Essential topic for the learner.
Reducing Nutrient Availability
Once nutrients are in an ecosystem, it is usually much harder and more expensive to remove them than tackle the eutrophication at source. The main methods available are:
• precipitation (e.g. treatment with a solution of aluminium or ferrous salt to precipitate phosphates);
• removal of nutrient-enriched sediments, for example by mud pumping; and
• removal of biomass (e.g. harvesting of common reed) and using it for thatching or fuel.
In severe cases of eutrophication, efforts have been made to remove nutrient-enriched sediments from lakes. For example, Lake Trummen in Sweden accumulated thick black sulfurous mud after years of receiving sewage effluent. Drastic action was needed. Eventually nutrient-rich sediment was sucked from the lake and used as fertilizer.
The water that was extracted with the sediment was treated with aluminium salts and run back into the lake. This action reduced phosphorus concentrations and improved the clarity and oxygenation of the water. However, removal or sealing of sediments is an expensive measure, and is only a sensible option in severely polluted systems, such as the Norfolk Broads, England.
Mechanical removal of plants from aquatic systems is a common method for mitigating the effects of eutrophication. Efforts may be focused on removal of existing aquatic ‘weeds’ such as water hyacinth that tend to colonize eutrophic water.
Each tonne of wet biomass harvested removes approximately 3 kg nitrogen and 0.2 kg phosphorus from the system.
Alternatively plants may be introduced deliberately to ‘mop up’ excess nutrients. Although water hyacinth can be used in water treatment, the water that results from treatment solely with floating macrophytes tends to have low dissolved oxygen. Addition of submerged macrophytes, together with floating or emergent macrophytes, usually gives better results.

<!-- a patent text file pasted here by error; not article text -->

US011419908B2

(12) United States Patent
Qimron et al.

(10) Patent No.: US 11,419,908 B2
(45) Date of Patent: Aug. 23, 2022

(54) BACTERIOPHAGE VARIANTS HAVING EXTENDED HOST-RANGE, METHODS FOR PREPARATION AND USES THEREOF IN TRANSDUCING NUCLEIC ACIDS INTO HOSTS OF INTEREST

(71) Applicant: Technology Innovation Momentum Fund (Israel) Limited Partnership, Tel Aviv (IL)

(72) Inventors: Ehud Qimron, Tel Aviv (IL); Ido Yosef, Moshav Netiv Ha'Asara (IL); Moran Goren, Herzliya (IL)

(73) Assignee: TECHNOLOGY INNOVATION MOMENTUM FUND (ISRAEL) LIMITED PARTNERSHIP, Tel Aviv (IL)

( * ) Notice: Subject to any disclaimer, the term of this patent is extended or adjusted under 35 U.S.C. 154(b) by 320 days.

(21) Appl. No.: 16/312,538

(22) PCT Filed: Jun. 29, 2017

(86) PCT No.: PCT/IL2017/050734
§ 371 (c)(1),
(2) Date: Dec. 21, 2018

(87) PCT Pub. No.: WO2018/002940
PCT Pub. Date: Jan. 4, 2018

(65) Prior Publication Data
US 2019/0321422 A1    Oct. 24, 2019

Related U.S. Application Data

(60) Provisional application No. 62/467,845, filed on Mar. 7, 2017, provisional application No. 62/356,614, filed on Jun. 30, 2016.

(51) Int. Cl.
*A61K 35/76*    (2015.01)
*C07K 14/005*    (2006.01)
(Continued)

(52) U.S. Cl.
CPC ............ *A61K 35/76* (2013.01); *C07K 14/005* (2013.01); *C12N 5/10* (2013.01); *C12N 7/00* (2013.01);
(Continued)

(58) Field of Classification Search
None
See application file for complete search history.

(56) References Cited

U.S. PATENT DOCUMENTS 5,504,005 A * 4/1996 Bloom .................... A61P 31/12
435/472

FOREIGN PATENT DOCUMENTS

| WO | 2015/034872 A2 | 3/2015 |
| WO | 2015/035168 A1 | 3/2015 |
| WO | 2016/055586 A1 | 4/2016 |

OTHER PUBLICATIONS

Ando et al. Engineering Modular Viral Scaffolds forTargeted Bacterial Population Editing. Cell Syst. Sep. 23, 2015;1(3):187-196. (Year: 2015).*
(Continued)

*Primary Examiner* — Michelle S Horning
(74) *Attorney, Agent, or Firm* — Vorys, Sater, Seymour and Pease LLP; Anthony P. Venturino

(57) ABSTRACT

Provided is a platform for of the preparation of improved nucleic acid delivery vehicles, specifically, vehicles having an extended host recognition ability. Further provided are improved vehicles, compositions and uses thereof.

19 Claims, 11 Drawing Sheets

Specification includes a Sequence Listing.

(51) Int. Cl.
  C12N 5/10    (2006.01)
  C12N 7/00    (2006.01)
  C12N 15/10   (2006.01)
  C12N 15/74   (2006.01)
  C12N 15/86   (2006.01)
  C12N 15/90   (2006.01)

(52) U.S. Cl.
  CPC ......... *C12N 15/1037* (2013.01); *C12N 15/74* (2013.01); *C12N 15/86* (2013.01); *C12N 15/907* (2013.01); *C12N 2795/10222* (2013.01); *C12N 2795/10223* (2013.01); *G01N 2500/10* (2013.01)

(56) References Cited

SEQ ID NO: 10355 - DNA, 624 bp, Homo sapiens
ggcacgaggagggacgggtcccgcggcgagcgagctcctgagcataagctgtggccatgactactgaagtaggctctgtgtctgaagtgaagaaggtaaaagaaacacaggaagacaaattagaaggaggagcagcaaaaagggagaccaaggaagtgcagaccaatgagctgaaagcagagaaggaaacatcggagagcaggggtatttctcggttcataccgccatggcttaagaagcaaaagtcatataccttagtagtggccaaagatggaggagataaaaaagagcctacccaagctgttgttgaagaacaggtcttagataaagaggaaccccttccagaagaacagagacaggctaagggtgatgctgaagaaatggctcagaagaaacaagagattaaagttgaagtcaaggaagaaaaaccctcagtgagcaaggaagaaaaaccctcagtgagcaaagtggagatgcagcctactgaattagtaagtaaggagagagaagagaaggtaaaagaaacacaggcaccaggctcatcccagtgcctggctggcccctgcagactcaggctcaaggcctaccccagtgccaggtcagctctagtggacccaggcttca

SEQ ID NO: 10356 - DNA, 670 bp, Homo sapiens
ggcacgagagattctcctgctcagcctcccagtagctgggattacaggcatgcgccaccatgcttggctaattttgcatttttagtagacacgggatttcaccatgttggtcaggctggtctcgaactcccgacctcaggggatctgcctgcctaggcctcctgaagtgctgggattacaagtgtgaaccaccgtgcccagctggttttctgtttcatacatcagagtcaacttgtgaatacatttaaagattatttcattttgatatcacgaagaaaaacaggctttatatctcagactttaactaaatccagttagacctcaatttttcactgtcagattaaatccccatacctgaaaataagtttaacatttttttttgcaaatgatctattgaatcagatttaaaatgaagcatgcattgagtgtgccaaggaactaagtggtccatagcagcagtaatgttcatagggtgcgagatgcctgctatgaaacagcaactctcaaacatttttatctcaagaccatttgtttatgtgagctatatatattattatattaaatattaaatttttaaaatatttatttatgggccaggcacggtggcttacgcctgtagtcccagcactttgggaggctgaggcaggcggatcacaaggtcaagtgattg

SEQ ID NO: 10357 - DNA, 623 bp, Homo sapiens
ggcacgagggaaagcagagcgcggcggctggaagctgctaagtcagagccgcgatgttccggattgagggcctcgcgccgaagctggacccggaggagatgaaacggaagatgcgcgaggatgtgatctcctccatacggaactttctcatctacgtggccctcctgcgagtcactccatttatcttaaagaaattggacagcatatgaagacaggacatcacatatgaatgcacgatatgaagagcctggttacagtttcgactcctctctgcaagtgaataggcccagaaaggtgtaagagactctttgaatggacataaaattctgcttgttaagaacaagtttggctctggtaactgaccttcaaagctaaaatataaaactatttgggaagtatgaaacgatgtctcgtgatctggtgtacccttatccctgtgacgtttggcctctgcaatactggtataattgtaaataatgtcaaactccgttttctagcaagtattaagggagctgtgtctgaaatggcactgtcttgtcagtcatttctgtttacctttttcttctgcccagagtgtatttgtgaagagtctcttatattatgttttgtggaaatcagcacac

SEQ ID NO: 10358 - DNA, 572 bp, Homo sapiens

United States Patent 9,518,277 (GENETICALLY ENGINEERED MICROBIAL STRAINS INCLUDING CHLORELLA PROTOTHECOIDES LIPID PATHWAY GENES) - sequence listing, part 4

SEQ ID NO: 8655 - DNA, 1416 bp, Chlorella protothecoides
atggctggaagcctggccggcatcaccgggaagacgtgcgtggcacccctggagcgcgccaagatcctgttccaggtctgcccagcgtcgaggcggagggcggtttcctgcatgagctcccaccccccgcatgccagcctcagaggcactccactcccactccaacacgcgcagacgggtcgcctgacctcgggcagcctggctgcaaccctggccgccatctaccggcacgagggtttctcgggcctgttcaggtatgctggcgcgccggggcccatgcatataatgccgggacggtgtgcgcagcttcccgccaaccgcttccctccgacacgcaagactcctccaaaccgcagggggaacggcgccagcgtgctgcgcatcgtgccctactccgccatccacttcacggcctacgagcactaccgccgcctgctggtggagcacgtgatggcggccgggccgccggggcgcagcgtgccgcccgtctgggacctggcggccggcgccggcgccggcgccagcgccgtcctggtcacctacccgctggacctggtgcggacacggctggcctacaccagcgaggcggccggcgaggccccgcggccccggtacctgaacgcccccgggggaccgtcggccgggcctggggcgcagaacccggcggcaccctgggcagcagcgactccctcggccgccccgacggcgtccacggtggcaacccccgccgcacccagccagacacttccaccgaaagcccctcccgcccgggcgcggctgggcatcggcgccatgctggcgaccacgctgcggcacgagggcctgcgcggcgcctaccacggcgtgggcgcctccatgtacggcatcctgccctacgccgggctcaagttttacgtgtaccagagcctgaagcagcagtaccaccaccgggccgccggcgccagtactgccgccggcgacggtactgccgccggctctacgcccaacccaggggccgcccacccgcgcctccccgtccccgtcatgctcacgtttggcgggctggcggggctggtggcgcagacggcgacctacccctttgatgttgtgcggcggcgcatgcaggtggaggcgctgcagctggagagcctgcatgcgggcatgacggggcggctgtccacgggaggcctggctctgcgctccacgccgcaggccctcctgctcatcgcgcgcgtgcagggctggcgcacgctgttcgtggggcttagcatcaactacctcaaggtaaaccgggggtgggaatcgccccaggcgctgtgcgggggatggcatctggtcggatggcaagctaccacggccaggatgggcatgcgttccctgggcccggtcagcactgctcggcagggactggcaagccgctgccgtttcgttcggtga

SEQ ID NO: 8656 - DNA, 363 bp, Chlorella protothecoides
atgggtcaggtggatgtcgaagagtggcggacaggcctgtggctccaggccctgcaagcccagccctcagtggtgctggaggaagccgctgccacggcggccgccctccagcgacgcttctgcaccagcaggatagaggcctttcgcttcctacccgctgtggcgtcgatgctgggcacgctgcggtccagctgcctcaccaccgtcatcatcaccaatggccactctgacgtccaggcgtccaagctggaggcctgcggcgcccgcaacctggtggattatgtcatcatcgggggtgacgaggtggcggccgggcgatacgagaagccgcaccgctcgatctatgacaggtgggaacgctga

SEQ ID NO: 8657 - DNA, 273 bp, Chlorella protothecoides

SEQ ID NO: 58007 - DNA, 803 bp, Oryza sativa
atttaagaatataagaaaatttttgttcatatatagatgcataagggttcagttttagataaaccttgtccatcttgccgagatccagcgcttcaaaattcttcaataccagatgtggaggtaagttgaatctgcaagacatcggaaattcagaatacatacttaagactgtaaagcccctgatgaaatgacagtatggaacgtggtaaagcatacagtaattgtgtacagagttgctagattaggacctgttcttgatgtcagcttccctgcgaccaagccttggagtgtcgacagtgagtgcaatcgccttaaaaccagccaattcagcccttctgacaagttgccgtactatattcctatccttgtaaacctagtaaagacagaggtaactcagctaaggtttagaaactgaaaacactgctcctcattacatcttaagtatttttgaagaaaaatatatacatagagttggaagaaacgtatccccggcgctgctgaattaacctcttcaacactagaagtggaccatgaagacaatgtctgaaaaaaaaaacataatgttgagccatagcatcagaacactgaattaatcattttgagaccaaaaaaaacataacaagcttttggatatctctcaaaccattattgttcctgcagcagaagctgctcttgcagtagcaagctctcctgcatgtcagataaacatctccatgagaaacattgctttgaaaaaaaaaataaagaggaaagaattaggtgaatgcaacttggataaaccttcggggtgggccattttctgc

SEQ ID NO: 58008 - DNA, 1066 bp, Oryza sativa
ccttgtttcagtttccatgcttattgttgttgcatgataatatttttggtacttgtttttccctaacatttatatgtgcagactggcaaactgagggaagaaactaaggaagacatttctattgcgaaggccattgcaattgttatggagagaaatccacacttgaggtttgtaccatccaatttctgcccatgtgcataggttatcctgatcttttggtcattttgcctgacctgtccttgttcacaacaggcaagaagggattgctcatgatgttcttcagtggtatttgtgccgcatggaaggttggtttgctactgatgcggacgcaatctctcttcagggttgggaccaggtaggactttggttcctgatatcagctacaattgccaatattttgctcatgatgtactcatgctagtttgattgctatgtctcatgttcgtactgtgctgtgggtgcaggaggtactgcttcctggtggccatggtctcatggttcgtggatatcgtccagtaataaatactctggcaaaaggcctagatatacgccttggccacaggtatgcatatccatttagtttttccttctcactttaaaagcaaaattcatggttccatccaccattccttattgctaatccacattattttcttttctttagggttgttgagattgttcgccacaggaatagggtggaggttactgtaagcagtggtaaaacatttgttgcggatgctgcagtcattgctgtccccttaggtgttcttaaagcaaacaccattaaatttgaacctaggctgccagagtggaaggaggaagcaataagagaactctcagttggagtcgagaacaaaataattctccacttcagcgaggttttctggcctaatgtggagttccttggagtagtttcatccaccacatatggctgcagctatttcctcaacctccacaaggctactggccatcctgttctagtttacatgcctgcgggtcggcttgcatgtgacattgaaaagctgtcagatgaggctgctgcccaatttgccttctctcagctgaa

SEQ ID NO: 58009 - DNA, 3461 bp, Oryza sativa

Submerged plants are not always as efficient as floating ones at assimilating nitrogen and phosphorus due to their slower growth, resulting from poor light transmission through water (particularly if it is turbid) and slow rates of CO2 diffusion down through the water column.
In terrestrial habitats, removal of standing biomass is an important tool in nature conservation. Reduction in the nutrient status of soils is often a prerequisite for re-establishment of semi-natural vegetation, and the removal of harvested vegetation helps to reduce the levels of nutrients returned to the soil. However, if the aim is to lower the nutrient status of a nutrient-enriched soil, this can be a very long-term process.
Log in to save your progress and obtain a certificate in Alison’s free Managing Water Resources for Human Health online course
Sign up to save your progress and obtain a certificate in Alison’s free Managing Water Resources for Human Health online course
Please enter you email address and we will mail you a link to reset your password.